When Rocketmiles offered a Virgin America first-time booking bonus it was stackable with the 1000 mile bonus for being referred by an existing customer. Nothing in this promotion’s terms and conditions appear to exclude that — making it effectively a 4000 mile bonus with your first Rocketmiles booking, in addition to the miles you would normally earn for booking a room.
To qualify for the 3000 mile US Airways offer, you need to open an account and make a booking by December 14 for a stay consumed by March 31 and choose to collect US Airways miles for the booking.
Rocketmiles used to allow my referral link to give you 2000 miles as a first-time booking bonus. Normally signing up through a referrer is good for 1000 miles for both the person using the link and the person referring them. I was allowed to give up my 1000 miles so you could have the full 2000 points, unfortunately that special accommodation ended.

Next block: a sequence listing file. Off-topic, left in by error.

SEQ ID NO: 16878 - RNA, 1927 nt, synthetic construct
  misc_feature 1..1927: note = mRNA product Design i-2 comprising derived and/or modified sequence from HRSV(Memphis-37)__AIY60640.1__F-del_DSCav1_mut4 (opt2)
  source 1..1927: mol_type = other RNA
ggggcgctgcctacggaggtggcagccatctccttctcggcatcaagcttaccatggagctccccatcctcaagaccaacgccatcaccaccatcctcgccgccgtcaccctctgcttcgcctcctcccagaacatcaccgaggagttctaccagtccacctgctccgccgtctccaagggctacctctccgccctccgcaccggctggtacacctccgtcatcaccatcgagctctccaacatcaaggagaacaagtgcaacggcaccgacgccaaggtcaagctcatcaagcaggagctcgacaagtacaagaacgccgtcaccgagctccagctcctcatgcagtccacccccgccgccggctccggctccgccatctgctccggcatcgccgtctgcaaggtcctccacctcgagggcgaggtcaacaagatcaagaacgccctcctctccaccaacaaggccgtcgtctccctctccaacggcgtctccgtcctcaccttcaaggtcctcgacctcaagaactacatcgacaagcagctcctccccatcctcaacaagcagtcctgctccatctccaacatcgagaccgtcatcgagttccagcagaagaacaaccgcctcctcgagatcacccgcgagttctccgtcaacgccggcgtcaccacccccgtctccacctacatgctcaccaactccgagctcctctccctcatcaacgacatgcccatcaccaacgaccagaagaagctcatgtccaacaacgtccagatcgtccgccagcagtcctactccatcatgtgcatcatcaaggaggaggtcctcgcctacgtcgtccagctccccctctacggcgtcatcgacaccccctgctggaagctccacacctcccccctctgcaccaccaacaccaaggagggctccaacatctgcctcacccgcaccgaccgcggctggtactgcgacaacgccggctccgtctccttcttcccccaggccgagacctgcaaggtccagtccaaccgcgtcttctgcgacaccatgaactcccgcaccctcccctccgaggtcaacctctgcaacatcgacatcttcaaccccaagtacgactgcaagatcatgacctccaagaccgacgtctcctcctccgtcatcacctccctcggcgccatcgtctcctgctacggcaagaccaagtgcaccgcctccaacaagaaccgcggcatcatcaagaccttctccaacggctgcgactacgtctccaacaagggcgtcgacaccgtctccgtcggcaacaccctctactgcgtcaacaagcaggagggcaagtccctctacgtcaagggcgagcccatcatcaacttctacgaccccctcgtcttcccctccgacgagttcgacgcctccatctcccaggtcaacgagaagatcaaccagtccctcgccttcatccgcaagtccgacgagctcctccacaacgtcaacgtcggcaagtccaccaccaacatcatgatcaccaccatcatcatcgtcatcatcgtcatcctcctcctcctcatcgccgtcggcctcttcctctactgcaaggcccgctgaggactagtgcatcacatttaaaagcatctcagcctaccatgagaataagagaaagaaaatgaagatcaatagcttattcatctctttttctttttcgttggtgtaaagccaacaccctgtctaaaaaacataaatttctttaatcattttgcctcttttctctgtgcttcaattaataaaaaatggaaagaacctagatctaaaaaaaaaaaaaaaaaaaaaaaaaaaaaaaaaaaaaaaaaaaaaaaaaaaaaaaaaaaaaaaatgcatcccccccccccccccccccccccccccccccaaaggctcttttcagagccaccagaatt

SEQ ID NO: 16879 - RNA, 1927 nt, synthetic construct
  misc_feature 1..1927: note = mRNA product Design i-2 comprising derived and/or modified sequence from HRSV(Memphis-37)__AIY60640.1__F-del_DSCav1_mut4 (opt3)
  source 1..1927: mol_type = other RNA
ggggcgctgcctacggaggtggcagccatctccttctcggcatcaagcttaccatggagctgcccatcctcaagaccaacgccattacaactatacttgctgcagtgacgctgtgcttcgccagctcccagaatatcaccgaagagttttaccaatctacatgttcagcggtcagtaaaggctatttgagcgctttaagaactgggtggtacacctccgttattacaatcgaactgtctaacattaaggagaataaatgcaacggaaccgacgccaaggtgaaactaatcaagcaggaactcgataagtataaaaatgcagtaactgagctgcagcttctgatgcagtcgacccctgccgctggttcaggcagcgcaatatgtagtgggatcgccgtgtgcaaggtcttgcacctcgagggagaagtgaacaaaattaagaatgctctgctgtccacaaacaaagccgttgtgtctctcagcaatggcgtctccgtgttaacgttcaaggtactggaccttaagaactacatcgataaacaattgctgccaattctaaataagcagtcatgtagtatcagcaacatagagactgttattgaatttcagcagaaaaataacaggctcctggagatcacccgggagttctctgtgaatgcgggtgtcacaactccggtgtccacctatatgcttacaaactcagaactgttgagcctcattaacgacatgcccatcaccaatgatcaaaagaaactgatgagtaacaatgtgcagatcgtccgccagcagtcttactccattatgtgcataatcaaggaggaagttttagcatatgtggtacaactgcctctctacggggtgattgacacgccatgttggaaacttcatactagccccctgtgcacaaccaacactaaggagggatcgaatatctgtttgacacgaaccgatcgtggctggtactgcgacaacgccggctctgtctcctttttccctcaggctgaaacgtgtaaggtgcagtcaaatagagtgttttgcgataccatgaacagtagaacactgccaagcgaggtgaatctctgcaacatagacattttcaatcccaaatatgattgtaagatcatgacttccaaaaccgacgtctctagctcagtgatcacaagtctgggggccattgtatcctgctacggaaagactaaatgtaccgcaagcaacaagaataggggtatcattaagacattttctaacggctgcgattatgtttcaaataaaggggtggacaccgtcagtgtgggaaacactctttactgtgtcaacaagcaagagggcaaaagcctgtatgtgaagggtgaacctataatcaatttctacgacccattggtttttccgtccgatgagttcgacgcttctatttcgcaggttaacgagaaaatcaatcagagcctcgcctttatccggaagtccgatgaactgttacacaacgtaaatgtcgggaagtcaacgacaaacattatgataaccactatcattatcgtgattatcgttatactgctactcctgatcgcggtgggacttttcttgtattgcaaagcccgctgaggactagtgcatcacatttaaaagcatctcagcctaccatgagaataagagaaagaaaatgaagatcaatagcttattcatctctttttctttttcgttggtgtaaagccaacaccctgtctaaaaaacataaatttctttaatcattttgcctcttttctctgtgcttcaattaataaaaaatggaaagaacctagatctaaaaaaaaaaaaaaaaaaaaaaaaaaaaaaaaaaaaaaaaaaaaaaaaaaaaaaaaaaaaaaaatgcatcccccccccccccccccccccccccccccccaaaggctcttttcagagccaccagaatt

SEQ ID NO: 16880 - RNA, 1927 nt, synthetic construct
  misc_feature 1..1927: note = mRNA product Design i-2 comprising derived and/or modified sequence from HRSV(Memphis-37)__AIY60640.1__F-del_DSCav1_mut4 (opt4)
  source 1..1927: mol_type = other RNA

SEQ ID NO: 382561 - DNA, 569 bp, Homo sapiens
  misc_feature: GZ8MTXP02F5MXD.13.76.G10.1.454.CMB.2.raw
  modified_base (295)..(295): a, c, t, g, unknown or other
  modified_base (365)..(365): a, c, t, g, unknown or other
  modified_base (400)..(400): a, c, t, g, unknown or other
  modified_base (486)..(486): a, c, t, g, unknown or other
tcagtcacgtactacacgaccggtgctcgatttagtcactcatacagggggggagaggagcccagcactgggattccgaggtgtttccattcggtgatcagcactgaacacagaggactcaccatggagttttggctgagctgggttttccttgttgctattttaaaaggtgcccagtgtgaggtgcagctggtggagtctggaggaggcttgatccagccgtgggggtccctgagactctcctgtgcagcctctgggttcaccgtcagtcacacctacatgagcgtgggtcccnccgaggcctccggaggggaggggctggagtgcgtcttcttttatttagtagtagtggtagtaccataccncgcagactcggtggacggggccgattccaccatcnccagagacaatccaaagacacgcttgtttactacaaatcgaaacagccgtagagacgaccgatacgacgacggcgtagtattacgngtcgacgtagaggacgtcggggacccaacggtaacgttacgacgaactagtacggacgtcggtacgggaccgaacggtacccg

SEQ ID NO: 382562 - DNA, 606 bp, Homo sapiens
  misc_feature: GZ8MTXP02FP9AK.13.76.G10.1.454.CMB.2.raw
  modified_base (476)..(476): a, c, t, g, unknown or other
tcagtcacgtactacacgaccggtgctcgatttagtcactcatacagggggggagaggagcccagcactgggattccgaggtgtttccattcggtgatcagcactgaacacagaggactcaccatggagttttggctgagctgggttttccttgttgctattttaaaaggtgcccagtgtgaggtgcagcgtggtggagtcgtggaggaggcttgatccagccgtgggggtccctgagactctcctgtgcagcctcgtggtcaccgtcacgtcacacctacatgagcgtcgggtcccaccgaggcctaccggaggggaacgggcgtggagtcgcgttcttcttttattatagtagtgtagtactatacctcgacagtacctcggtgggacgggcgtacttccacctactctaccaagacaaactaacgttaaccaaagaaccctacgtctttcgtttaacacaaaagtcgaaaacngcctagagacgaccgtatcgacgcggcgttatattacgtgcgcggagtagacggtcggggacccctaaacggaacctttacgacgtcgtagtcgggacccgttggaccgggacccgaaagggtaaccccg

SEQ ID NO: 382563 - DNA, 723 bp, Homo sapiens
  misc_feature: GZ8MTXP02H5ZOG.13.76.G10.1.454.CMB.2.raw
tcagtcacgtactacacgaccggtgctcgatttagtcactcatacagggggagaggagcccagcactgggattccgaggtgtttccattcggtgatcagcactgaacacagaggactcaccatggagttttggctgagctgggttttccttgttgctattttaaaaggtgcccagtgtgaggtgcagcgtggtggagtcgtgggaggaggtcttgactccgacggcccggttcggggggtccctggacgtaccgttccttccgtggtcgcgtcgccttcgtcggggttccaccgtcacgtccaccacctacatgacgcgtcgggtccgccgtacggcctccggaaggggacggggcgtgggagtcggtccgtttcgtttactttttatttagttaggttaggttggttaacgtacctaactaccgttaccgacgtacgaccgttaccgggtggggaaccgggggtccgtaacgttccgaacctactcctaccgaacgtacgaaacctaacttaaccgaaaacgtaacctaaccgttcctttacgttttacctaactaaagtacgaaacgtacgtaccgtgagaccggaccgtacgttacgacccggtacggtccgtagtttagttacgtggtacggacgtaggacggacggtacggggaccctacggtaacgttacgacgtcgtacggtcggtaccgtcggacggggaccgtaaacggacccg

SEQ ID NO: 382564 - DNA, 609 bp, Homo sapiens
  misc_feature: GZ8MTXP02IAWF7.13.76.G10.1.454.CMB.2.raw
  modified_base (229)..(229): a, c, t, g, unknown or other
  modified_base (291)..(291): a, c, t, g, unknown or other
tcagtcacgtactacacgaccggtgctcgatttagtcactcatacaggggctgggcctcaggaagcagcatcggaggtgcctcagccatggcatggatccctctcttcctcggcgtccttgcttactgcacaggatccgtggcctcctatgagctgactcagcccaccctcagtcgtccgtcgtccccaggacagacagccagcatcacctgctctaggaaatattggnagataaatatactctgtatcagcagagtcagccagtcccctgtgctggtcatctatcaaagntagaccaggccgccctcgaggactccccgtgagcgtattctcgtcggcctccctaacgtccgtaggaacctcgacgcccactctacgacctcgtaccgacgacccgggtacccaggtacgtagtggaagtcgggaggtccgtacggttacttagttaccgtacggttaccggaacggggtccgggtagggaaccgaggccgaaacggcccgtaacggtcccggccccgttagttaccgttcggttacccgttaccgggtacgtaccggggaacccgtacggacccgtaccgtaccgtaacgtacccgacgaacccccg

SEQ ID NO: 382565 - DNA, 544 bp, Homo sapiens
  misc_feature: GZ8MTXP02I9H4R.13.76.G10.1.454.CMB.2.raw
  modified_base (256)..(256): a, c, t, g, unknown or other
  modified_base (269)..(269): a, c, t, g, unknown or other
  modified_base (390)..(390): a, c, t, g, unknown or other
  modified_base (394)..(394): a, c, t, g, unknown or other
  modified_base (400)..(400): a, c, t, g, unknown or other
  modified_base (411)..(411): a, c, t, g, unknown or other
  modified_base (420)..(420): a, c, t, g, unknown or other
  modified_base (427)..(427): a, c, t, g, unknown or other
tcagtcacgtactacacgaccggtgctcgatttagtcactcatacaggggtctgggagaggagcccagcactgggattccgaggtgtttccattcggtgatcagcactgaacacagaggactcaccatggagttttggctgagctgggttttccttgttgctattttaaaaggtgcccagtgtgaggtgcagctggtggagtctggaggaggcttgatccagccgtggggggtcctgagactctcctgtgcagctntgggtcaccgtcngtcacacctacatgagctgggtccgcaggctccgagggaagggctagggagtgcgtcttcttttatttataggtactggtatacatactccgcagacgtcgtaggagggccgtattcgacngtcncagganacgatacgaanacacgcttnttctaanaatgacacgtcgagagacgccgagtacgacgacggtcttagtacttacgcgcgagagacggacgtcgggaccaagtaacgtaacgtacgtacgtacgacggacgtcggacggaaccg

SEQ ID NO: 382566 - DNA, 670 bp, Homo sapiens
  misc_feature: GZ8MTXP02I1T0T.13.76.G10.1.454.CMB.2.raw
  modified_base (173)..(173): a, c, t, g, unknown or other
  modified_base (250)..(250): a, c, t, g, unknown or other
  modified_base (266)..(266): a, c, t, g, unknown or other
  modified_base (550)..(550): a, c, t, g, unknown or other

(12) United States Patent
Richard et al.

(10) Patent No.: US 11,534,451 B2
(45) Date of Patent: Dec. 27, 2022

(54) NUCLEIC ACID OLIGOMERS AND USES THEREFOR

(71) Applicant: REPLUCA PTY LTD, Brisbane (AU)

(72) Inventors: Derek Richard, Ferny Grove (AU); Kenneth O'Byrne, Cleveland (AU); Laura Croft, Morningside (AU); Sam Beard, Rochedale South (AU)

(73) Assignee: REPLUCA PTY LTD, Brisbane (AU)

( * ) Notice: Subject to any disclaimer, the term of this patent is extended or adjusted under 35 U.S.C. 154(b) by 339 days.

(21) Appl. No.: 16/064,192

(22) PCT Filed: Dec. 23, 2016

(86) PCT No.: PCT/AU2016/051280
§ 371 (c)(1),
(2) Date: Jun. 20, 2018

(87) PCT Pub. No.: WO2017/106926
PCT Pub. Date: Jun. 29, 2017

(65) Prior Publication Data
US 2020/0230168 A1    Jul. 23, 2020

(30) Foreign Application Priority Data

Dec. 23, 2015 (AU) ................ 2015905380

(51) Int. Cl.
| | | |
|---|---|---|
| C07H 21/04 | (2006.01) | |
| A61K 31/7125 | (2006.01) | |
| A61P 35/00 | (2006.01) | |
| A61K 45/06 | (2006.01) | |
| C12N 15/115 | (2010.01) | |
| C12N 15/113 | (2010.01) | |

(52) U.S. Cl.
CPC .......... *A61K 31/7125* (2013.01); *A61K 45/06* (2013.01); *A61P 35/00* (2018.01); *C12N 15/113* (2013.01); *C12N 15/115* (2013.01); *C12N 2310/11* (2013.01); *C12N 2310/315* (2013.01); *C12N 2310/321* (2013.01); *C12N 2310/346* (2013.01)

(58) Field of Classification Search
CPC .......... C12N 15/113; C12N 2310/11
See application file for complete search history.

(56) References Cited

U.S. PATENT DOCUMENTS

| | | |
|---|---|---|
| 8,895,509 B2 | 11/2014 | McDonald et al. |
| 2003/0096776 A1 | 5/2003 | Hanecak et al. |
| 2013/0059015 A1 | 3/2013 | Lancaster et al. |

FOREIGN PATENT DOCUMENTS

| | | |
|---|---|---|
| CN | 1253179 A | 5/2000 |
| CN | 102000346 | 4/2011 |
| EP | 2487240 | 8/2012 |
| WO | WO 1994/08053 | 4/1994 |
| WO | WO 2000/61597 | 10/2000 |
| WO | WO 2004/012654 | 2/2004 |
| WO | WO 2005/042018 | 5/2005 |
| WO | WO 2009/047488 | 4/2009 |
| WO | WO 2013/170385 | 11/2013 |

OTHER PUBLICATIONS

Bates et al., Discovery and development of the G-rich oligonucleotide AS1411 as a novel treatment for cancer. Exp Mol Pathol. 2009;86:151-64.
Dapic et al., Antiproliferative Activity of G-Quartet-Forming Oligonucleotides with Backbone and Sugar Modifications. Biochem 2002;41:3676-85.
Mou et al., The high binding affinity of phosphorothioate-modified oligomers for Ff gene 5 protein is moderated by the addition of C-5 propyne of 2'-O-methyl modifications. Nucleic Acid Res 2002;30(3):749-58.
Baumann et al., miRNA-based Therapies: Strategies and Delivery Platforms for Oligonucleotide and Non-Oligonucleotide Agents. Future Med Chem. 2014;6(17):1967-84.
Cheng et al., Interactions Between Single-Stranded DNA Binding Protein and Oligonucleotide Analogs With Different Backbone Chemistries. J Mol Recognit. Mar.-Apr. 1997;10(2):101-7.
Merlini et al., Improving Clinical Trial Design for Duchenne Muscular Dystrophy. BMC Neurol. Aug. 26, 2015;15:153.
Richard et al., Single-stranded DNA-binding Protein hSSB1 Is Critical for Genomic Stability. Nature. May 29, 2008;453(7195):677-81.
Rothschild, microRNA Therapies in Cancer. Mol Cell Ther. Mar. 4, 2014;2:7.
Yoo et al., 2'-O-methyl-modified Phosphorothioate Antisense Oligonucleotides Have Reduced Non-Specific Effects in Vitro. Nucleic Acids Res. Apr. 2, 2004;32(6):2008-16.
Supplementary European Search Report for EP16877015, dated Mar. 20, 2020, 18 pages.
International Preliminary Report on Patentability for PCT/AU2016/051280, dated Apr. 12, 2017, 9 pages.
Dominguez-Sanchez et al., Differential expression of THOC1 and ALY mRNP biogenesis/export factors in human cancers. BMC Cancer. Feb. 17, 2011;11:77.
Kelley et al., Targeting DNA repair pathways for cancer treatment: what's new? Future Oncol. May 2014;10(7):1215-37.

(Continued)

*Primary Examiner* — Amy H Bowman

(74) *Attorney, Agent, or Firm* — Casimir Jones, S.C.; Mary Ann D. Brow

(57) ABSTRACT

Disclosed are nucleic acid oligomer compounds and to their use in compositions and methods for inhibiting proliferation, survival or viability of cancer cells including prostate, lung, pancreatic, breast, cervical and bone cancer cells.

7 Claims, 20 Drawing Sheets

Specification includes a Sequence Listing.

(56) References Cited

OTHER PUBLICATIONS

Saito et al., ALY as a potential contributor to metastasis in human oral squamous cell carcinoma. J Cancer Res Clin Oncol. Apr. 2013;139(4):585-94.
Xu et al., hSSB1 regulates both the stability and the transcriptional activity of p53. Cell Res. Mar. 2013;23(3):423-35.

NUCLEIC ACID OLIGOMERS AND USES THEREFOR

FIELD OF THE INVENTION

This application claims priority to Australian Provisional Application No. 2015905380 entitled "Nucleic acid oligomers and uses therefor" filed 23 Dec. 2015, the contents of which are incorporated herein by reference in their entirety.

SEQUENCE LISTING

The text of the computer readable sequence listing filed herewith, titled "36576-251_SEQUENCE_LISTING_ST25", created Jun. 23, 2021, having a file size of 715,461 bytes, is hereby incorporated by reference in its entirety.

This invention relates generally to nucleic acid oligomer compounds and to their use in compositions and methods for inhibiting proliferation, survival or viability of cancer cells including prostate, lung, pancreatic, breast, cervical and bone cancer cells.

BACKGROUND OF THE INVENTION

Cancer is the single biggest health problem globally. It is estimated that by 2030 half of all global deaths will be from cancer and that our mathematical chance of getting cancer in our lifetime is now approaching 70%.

Rocketmiles bookings do not generally earn hotel points or elite stay credit. Marriott and Hyatt do at least tend to honor in-hotel benefits on third party bookings like these.
The mileage-earning is sufficiently lucrative that it often makes sense to give up hotel points-earning.
If I hadn’t already hit my hotel status re-qualification for the year, I would not be looking at Rocketmiles for bookings. Now that I have they’re a site I go to check out availability and pricing. (Rocketmiles competitor PointsHound offers some hotels where you will still accrue points and status credit.)
Rocketmiles works with a limited array of hotels, so you won’t find every lodging option there or even nearly as many as provided by PointsHound — but for those hotels they do have they’re pretty much the most lucrative way to make bookings. If you aren’t wedded to a particular hotel, you can make out well. That’s because as I understand it in many cases they’re getting access to opaque inventory, selling it for retail, and kicking back a good chunk of the difference in miles.